...NRA News commentator Billy Johnson claimed that media coverage of the killing spree only told "half the story," adding, "Yes, the Santa Barbara murderer had a gun, and yes he killed three people with that gun. But he also killed three people with a knife and injured several others with his car." (Johnson never mentioned those who were wounded by gunfire but survived.) [...] Johnson complained that because of headlines that refer to Rodger "as a gunman or a shooter, guns become permanently linked with his crime, while cars and knives get a free pass." He posited that Rodger is labeled as "the gunman" or "the shooter" and not "the stabber" or "the driver" because "perhaps it would be harder to sell newspapers with those headlines, or perhaps it would be harder to sell gun control policy with those headlines."
When political correctness started to become a meaningful culture force, helping shape the public discourse, it's fair to say the left was the driving force. It was liberals who were invested in making language more respectful, less offensive, and more tolerant of diversity.
That said, it's been interesting to watch the right quietly adopt its own form of political correctness in recent years. Timothy Johnson, for example, reported yesterday on the NRA publishing a new online commentary about Elliot Rodger's shooting spree in May near UC-Santa Barbara.
Got that? Just because a man with a gun shot and killed people, that's no reason to describe the murderer as a "gunman" or a "shooter."
Apparently, in this version of conservative political correctness, we should stop to think about how our use of such words makes gun enthusiasts feel.
I'm reminded of Paul Krugman's commentary a couple of years ago about "right-wing political correctness" and the "threat to our discourse."
Krugman added, "[T]he goal is very much the kind of thing Orwell tried to convey with his notion of Newspeak: to make it impossible to talk, and possibly even think, about ideas that challenge the established order."
As long-time readers may recall, there are a surprising number of examples to bolster the point. In Congress, for example, many Republican lawmakers have decided to stop using the word "rich," preferring the more politically expedient "job creator."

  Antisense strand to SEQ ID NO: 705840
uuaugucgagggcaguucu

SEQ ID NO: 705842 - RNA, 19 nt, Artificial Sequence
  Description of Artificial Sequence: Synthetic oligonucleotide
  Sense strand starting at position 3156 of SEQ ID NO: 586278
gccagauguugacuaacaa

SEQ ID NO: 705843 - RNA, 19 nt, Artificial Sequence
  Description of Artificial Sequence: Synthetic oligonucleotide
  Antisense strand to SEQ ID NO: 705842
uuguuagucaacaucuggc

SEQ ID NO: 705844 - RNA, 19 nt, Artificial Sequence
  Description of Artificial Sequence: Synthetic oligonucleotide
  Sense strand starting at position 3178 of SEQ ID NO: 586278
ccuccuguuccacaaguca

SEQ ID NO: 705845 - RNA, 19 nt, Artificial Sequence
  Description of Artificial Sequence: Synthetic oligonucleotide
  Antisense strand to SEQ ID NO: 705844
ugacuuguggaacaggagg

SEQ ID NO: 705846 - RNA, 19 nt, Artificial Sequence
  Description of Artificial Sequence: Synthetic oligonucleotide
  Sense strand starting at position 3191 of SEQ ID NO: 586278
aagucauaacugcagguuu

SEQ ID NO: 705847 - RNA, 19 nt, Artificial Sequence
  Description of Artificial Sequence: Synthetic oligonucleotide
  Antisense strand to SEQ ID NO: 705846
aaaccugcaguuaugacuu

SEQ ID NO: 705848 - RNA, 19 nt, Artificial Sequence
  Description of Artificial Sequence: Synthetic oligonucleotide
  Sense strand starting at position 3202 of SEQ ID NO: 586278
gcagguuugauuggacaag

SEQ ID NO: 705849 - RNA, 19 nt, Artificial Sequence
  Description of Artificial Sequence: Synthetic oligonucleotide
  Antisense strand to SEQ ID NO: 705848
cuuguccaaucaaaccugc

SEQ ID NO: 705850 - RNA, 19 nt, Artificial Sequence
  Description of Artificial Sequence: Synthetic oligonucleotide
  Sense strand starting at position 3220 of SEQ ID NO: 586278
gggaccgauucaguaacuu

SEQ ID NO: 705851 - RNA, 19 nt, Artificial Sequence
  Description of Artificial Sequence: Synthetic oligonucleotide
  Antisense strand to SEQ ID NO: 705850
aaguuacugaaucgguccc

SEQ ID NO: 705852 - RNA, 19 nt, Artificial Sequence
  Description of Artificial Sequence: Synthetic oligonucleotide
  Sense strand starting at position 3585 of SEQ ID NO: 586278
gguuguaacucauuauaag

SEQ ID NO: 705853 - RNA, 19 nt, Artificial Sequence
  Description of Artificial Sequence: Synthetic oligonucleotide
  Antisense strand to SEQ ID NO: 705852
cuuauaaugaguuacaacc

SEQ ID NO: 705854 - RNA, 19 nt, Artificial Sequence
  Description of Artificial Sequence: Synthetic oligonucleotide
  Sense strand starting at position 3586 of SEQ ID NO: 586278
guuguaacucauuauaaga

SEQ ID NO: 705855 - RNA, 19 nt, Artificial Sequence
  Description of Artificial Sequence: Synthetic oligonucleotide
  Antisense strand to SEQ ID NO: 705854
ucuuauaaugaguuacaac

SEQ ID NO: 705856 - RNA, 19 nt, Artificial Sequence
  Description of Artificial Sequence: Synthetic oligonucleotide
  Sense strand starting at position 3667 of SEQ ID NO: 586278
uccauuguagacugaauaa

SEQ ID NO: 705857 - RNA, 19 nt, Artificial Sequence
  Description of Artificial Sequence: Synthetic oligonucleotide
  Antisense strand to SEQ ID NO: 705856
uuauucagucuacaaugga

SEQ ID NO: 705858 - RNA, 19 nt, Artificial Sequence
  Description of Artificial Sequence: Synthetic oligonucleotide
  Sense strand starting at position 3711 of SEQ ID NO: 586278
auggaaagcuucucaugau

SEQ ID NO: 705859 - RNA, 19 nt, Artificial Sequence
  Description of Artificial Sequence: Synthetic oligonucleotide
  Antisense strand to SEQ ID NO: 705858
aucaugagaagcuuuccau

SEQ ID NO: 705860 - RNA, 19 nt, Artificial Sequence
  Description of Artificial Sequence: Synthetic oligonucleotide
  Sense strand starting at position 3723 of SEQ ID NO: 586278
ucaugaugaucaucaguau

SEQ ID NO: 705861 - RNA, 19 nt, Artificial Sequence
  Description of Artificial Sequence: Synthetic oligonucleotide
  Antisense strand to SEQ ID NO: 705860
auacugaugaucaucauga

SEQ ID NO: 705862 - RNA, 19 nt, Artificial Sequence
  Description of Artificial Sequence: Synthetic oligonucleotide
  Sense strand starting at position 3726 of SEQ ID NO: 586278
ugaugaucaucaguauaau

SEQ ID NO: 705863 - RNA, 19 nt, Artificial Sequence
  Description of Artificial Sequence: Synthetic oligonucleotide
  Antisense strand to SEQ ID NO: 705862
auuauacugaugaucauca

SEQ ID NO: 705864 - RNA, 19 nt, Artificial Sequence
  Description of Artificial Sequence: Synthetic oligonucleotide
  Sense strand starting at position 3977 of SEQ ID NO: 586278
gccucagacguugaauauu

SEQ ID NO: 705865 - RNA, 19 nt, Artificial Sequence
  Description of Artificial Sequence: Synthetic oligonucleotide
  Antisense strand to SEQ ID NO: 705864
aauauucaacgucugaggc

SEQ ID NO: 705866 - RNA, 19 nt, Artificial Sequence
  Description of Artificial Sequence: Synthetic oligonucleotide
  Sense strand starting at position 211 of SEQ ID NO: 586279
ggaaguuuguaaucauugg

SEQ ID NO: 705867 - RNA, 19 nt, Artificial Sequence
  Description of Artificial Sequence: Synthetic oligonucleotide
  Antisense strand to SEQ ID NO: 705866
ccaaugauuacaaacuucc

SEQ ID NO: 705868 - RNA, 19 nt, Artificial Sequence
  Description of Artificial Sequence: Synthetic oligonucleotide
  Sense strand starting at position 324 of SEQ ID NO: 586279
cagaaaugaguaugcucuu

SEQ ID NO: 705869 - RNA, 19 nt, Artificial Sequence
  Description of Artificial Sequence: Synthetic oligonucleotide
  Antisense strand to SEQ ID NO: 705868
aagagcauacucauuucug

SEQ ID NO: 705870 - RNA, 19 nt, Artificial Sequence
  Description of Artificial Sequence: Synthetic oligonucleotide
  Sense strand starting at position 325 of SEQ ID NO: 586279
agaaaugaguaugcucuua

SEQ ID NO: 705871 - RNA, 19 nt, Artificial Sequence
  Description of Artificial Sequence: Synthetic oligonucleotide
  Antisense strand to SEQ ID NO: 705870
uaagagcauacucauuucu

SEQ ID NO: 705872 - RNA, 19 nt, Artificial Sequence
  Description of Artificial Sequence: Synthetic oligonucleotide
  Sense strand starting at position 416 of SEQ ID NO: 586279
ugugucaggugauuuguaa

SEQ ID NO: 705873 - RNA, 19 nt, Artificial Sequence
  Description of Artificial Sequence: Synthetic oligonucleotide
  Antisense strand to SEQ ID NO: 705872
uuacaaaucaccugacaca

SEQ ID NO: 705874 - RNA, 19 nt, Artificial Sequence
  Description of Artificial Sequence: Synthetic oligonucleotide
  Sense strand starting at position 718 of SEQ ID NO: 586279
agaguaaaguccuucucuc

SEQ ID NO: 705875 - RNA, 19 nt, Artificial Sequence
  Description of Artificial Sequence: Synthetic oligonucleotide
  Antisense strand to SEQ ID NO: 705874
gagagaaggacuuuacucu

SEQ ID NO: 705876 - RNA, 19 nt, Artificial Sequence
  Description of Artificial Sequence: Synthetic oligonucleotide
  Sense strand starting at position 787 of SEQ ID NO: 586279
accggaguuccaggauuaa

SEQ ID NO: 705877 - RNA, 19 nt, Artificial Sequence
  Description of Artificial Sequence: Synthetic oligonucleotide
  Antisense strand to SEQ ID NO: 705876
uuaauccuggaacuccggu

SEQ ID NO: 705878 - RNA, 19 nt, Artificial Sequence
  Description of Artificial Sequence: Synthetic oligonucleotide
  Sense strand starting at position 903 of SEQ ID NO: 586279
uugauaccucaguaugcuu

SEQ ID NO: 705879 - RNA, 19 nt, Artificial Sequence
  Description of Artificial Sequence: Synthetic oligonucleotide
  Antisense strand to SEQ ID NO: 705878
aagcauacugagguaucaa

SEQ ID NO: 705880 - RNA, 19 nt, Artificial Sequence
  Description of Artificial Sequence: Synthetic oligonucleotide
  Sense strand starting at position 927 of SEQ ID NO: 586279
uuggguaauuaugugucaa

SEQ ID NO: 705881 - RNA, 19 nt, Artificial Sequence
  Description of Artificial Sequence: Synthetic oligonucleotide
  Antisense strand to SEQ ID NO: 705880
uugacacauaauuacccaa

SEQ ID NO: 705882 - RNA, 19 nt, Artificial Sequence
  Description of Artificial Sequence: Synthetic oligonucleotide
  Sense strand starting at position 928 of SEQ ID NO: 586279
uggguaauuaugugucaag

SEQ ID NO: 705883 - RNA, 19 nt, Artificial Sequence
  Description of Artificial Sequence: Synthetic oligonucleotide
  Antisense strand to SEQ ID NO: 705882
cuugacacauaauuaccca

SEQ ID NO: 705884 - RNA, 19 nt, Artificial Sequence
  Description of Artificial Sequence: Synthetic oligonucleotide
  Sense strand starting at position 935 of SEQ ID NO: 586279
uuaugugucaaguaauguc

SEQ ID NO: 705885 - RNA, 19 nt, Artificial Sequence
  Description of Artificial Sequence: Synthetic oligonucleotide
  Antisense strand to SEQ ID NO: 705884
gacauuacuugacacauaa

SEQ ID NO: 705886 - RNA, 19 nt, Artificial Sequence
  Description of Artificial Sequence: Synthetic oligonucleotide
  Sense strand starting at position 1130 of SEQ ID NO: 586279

Some on the right argue we're not supposed to reference "sea level rise" anymore, because it's a "left-wing term." We're also not supposed to reference "climate deniers" because some who deny climate science find it offensive.
We're also not supposed to talk about economic inequality, at least not publicly -- Mitt Romney insisted such discussions be limited to "quiet rooms" – where, presumably, rich people won't have their feelings hurt.
I'm also reminded of the time in early 2009 when the Department of Homeland Security released reports about ideological extremists, alerting officials to potentially violent groups and organizations. Republicans and conservative activists were apoplectic -- even though the report was commissioned by the Bush administration, mainstream conservatives decided concerns about violent radicals attacking Americans may have been referencing them. Analysis of domestic threats was soon after curtailed as a result.
Update: Reader Jamie McCarthy reminds me that some on the right have even deemed references to the "middle class" as offensive under new conservative standards.
I think I like the old version of political correctness better. The right-wing version is kind of weird.